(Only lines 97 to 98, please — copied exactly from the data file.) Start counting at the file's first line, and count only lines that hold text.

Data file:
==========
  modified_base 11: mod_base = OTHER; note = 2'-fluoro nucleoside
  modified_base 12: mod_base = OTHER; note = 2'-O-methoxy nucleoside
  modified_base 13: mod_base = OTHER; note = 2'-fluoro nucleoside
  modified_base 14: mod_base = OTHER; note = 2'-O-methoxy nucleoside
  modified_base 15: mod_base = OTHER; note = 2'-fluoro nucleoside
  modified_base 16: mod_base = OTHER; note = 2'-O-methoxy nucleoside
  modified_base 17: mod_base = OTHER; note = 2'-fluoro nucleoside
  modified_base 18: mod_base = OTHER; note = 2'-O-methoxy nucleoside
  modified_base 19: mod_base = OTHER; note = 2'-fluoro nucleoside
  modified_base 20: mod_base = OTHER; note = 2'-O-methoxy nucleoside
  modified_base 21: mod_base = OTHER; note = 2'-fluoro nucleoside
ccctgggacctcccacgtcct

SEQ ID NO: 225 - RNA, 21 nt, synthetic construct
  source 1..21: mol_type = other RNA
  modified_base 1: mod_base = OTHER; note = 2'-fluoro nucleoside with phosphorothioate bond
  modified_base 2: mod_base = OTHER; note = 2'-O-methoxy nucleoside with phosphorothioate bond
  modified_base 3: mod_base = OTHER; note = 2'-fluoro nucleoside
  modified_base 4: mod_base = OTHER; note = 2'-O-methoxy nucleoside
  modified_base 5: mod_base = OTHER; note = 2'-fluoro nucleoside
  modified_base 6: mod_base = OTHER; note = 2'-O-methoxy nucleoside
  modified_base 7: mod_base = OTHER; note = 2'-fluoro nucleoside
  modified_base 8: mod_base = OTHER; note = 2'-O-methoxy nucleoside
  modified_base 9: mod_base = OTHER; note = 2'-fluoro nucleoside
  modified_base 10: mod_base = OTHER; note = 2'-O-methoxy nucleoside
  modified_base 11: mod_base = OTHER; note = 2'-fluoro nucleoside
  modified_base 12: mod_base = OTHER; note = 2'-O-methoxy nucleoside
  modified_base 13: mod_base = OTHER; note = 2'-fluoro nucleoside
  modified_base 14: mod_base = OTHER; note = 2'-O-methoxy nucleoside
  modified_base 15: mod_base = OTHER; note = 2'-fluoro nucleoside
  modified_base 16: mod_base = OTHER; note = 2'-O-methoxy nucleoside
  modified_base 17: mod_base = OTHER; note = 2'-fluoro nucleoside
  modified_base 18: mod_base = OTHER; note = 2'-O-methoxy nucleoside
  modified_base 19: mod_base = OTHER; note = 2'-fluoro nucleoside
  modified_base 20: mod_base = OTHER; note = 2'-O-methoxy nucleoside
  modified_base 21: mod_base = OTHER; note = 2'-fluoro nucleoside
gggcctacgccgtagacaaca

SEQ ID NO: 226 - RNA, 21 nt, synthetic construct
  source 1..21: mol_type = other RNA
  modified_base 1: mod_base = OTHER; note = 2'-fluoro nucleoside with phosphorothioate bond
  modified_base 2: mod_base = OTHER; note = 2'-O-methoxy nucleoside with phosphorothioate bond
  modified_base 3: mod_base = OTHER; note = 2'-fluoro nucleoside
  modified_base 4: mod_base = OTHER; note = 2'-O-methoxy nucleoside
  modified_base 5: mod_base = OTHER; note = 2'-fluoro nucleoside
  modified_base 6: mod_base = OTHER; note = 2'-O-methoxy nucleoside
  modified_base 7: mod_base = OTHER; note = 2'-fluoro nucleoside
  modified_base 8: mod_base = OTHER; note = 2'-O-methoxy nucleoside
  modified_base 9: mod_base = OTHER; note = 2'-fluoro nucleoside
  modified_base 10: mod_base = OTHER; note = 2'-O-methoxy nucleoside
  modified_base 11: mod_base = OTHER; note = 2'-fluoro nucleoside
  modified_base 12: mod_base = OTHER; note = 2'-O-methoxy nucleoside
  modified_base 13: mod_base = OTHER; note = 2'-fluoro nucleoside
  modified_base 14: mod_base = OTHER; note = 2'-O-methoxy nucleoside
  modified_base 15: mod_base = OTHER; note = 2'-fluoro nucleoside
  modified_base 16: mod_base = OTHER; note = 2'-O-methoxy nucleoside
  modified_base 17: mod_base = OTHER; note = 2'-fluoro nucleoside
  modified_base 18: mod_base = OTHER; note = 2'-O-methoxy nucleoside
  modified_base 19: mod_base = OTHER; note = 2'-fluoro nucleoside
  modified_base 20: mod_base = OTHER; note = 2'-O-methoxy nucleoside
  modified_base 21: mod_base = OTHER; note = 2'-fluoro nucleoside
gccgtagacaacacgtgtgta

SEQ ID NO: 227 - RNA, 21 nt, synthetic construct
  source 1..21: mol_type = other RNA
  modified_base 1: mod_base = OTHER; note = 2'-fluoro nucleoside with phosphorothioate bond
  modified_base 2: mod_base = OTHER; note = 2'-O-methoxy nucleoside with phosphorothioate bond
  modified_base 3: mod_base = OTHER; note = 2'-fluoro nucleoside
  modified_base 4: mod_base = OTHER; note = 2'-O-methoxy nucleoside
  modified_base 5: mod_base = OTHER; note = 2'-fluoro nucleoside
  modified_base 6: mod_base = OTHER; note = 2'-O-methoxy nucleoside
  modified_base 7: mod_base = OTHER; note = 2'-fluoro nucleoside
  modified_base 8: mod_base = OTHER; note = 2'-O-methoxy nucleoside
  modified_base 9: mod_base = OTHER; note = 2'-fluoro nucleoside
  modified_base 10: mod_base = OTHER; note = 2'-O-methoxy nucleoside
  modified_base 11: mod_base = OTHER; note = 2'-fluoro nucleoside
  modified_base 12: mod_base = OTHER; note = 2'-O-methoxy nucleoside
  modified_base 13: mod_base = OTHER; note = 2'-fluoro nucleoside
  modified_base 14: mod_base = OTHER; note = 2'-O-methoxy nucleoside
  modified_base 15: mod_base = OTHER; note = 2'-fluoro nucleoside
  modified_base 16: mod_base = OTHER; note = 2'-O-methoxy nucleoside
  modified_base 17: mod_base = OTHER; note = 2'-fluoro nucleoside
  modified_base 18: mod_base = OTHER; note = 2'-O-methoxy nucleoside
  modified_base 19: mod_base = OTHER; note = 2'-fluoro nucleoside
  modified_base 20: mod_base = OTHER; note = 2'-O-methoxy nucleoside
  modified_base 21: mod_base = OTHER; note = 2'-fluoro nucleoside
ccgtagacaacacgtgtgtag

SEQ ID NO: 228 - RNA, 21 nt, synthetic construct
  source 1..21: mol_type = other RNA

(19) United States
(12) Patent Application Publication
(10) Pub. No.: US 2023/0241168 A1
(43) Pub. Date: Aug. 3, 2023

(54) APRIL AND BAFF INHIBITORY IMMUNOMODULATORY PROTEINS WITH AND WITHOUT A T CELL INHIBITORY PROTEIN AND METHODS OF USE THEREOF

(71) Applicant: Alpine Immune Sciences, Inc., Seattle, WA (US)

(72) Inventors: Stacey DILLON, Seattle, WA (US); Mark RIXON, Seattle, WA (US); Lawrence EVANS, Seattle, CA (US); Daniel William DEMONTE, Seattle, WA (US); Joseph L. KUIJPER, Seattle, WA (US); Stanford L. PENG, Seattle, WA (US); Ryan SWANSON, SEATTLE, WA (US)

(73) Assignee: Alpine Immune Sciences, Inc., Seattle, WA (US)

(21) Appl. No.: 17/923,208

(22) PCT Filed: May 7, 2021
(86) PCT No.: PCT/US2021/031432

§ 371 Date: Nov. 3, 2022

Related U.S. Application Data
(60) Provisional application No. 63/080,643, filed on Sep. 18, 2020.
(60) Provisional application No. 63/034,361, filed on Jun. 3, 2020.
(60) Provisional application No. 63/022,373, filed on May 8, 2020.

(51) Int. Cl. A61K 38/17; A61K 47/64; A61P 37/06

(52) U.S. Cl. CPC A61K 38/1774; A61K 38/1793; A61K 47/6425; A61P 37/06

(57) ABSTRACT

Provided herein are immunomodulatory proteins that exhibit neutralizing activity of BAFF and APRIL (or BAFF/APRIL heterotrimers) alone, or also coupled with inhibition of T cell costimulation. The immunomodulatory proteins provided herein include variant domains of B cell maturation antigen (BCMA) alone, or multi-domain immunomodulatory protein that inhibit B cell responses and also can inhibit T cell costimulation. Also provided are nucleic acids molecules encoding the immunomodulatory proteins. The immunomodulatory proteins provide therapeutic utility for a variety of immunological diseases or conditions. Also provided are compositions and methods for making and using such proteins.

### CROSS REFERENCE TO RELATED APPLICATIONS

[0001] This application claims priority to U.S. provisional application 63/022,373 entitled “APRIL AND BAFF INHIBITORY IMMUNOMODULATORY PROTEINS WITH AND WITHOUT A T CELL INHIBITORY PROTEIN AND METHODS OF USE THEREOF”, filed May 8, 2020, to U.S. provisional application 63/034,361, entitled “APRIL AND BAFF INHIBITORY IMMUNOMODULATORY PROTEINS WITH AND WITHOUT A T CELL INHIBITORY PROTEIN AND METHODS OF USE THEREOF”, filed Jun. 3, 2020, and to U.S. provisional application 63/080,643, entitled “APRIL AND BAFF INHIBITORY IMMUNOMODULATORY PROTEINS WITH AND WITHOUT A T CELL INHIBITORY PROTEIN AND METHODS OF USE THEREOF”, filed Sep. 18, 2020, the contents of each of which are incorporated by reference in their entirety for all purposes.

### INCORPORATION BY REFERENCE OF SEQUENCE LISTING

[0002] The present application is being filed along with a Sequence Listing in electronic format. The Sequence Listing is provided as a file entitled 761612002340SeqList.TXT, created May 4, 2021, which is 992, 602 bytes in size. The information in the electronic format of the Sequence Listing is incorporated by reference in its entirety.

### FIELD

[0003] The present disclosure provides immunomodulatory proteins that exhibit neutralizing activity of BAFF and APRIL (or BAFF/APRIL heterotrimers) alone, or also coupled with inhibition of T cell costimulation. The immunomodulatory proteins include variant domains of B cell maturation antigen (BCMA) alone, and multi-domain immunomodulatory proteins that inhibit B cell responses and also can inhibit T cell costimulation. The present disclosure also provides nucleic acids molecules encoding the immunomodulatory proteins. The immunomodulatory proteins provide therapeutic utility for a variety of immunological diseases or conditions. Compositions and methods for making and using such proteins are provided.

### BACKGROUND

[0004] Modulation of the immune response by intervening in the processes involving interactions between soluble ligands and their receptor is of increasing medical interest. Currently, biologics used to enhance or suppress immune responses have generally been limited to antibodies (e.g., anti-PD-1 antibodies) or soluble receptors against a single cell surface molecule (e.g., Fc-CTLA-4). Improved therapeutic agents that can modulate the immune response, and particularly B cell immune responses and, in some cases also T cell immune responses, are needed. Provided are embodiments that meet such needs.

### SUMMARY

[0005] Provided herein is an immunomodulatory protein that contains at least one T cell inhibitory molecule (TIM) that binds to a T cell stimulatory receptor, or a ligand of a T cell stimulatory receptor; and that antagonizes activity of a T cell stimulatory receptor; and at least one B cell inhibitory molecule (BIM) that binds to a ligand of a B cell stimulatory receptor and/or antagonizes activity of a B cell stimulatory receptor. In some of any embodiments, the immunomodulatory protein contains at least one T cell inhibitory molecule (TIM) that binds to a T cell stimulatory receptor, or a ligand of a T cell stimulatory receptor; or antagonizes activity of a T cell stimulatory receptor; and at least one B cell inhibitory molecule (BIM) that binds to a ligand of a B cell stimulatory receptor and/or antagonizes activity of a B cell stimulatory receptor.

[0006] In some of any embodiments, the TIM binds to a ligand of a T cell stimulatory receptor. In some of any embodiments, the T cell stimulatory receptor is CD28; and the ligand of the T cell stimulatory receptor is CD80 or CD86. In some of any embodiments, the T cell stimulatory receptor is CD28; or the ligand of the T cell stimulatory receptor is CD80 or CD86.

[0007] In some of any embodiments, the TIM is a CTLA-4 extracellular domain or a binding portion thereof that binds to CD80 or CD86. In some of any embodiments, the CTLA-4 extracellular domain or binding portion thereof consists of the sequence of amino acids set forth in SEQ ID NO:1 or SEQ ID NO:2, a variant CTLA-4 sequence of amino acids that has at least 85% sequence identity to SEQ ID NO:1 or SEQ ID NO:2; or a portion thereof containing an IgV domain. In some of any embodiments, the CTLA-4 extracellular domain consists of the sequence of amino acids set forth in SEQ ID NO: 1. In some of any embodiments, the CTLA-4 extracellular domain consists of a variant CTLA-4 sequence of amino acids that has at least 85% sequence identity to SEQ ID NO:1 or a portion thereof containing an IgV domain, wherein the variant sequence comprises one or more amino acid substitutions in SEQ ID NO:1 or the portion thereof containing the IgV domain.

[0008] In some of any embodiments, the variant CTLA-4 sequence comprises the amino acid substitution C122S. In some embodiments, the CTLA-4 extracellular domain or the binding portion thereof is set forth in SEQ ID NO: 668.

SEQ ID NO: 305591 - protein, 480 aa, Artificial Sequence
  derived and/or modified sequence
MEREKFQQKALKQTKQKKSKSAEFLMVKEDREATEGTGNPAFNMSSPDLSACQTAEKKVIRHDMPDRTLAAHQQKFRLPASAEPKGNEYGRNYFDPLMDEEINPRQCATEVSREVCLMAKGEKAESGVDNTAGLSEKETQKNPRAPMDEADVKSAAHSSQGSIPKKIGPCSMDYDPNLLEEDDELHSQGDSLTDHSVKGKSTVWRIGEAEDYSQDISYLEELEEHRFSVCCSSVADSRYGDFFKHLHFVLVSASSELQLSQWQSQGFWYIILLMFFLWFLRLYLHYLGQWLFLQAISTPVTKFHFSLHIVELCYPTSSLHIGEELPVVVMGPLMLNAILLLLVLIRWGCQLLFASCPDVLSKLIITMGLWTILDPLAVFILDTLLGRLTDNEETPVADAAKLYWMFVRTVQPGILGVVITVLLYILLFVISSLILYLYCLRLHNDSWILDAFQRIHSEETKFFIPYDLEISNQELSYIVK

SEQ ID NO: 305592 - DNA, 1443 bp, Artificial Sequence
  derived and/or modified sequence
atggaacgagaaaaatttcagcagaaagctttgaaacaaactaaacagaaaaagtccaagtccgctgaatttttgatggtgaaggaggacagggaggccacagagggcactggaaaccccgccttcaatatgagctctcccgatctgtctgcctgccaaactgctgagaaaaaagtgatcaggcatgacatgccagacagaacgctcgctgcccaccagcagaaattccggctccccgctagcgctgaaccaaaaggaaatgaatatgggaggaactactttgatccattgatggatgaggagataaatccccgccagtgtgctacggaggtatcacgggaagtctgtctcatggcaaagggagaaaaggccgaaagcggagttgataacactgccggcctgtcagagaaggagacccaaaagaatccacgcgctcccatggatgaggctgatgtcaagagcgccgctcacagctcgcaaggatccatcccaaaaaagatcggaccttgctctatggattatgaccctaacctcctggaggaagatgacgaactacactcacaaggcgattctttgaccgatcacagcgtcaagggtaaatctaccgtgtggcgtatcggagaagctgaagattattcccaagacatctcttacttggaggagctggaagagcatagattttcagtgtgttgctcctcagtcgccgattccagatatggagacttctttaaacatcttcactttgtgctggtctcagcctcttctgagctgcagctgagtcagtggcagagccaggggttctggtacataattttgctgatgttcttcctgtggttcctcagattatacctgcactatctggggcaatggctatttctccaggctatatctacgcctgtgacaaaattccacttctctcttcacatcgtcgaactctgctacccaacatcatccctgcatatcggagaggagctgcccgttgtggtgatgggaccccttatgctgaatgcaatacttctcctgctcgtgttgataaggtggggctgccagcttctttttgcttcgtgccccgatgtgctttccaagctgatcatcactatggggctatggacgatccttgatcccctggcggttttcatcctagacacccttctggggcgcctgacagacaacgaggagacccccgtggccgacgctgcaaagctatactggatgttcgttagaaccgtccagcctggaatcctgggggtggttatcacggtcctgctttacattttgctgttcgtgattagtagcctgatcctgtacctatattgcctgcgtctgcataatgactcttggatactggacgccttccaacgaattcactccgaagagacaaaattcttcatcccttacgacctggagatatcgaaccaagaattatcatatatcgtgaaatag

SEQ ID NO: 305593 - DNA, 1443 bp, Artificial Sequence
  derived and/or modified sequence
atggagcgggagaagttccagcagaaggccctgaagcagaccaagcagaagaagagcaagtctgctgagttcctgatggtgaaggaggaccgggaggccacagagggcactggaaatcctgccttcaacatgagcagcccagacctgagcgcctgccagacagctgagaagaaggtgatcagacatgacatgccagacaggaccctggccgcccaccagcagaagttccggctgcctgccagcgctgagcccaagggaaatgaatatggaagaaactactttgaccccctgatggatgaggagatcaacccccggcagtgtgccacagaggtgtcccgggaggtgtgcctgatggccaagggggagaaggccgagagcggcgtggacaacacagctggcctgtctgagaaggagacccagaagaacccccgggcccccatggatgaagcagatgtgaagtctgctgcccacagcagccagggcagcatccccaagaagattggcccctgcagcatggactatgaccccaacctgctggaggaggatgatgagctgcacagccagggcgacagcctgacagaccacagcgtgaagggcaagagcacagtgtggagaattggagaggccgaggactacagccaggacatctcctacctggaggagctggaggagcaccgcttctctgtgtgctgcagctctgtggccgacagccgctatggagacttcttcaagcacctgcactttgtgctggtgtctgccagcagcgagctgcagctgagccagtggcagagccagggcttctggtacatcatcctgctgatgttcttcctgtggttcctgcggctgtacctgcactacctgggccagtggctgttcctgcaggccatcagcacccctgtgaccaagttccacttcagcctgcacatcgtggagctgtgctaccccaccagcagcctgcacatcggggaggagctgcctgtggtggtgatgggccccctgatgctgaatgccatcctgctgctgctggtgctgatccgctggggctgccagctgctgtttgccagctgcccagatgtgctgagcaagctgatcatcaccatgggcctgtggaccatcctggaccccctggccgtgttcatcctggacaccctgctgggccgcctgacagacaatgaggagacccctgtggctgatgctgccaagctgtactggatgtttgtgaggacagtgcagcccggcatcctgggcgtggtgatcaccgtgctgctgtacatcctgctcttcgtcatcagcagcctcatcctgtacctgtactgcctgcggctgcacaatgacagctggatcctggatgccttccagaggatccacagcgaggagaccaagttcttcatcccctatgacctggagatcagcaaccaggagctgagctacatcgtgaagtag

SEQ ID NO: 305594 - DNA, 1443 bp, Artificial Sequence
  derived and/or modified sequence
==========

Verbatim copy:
(86) PCT No.: PCT/US2021/031432

§ 371 Date: Nov. 3, 2022